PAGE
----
Sunday, March 13, 2022


Thanks to Kim Tedrow of Lincoln, Nebraska for her modeling a poem after my "Two Gates." This is part of her 30-day commitment to write a poem a day for Tupelo Press's 30/30 Project, a fundraiser: "Each month, volunteer poets run the equivalent of a "poetry marathon," writing 30 poems in 30 days, while the rest of us sponsor and encourage them every step of the way.

Here is my poem:


I look through glass and see a young woman
of twenty, washing dishes, and the window
turns into a painting. She is myself thirty years ago.
She holds the same blue bowls and brass teapot
I still own. I see her outline against lamplight;
she knows only her side of the pane. The porch
where I stand is empty. Sunlight fades. I hear
water run in the sink as she lowers her head,
blind to the future. She does not imagine I exist.

I step forward for a better look and she dissolves
into lumber and paint. A gate I passed through
to the next life loses shape. Once more I stand
squared into the present, among maple trees
and scissor-tailed birds, in a garden, almost
a mother to that faint, distant woman.

And here is Kim Tedrow's poem "after" this one: Zoom Meeting / Kim Tedrow

after Denise Low

I look at myself on the screen

and I see myself at twenty,
hair straight and long, parted
down the middle for the first time
since before I knew myself,
except now I’m paying attention.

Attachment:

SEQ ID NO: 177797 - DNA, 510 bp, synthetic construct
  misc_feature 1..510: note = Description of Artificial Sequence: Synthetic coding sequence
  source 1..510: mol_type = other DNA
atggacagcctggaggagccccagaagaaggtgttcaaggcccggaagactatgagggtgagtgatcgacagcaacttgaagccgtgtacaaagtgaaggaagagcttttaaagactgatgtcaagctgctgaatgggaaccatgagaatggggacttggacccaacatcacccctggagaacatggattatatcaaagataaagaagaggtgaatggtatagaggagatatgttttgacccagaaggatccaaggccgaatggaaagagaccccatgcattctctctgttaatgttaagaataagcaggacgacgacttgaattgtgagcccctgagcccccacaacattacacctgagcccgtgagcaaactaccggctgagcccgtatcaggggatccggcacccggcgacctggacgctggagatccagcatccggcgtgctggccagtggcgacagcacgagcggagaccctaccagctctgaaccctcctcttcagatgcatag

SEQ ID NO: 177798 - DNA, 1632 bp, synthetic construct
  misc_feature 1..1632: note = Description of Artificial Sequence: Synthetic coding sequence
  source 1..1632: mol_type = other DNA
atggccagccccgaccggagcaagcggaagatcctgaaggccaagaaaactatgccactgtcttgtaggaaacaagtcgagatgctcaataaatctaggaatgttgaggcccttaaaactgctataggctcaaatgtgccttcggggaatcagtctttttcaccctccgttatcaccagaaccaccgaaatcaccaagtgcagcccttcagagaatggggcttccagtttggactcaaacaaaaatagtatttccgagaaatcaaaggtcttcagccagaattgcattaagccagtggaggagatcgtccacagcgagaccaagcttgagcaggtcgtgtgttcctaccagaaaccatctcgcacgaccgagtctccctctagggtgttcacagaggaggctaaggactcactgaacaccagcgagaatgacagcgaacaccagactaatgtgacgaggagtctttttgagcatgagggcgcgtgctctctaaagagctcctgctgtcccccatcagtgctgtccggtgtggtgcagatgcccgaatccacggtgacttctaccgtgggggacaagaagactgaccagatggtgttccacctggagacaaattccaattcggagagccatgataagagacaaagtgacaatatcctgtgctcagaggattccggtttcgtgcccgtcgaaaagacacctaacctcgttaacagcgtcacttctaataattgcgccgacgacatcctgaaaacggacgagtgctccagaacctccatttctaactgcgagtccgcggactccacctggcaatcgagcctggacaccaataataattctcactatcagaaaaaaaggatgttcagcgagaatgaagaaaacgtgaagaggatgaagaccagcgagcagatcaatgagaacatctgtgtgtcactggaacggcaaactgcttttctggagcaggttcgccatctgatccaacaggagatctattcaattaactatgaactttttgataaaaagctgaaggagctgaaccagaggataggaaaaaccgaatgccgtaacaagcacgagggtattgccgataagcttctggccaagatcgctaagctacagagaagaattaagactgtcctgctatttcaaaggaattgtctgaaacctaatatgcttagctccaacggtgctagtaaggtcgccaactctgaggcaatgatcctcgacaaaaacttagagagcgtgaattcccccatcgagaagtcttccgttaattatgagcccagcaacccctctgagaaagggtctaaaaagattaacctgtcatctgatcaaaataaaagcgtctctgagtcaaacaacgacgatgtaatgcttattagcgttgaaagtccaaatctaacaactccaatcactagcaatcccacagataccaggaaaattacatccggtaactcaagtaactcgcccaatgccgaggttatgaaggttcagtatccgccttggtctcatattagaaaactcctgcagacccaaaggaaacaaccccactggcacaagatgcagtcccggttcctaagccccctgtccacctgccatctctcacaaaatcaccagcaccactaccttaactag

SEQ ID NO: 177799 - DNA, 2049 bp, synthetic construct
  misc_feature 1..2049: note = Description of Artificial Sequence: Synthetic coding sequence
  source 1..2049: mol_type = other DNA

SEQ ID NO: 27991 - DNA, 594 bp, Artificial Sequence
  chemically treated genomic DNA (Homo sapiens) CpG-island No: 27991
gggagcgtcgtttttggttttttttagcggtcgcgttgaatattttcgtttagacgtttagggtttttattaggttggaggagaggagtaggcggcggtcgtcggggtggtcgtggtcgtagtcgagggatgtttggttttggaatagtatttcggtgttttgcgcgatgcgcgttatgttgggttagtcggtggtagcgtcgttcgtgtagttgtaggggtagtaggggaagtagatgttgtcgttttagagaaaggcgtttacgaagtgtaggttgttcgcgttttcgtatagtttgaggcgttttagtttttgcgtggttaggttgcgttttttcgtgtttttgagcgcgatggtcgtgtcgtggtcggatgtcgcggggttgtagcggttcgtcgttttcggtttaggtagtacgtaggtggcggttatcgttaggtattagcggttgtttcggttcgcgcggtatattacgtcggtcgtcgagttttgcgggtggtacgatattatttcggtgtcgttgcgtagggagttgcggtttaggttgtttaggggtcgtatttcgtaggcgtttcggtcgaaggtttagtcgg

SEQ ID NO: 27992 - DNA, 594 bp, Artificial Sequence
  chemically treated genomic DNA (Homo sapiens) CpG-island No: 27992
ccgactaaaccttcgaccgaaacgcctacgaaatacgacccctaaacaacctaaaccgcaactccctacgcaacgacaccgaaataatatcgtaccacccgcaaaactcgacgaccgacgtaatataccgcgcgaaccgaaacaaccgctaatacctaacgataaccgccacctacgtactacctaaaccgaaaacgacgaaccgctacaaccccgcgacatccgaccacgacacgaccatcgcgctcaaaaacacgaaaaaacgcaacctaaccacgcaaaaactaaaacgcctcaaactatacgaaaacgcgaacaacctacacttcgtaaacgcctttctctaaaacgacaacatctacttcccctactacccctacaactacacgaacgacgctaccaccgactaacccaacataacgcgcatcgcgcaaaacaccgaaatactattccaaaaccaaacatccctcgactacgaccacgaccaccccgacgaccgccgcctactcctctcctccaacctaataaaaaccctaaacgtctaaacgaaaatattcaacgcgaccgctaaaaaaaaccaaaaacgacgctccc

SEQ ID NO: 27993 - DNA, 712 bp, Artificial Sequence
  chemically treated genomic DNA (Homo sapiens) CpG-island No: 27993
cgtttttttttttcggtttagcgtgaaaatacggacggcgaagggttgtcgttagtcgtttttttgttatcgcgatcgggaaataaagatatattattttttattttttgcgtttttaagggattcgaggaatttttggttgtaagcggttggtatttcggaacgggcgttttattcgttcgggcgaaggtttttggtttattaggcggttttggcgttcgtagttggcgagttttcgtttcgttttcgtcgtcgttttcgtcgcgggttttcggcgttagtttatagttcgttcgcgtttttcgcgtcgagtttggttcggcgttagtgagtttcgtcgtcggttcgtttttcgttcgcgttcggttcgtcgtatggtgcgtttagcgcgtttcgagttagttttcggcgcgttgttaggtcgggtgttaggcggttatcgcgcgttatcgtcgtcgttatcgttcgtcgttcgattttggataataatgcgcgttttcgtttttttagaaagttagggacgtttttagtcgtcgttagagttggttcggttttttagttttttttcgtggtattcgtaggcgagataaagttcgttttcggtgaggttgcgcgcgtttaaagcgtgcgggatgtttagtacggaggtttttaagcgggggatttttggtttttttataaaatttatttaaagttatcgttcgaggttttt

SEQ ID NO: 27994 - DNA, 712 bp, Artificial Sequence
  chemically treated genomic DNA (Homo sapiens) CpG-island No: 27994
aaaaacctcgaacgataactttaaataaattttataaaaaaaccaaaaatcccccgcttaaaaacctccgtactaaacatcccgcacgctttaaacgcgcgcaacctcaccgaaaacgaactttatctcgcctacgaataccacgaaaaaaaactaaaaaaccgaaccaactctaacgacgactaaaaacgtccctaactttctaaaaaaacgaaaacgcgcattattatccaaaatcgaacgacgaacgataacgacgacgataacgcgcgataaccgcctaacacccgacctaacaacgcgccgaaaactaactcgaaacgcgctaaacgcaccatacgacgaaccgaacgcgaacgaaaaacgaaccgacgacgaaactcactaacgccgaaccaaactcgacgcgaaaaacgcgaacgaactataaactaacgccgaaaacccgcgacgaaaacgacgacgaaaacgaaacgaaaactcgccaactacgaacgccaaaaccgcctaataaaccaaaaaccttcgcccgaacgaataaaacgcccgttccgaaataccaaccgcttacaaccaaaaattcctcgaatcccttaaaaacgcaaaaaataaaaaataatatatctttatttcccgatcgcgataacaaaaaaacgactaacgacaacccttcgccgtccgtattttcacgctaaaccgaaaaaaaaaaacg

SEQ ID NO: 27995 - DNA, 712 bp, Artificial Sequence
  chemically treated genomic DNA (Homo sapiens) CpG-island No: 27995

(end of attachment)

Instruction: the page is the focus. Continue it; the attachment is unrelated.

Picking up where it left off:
I see her loneliness as a quarry
from which she mines men
to whom she is disposable.
She wakes in someone’s home
and leaves without her shoes
so as not to wake him.
She wants to be a secret.
Her apartment overlooks a lot
where musicians park by the bar.
Later she goes there to dance.
Gladiolas grow next to the stairs.
Her father stops by
when she is not there
and tucks a picture of himself
into the door frame. She writes
“I could not bear to lose him.”
I see her and bring her back
to myself. She does not want to come
here–she cannot imagine the life
we live now–alone and happy.
In the meeting when it’s my turn
I speak up, I make myself known.

Kim Tedrow works as a Science Writer in Lincoln, Nebraska. She has a Master of Arts in creative writing from the University of Nebraska–Lincoln. She’s been published in Prairie Schooner and several anthologies, including Nasty Women Poets: an Unapologetic Anthology of Subversive Verse, edited by Grace Bauer and Julie Kane. She lives in a cute little granny house with three cats.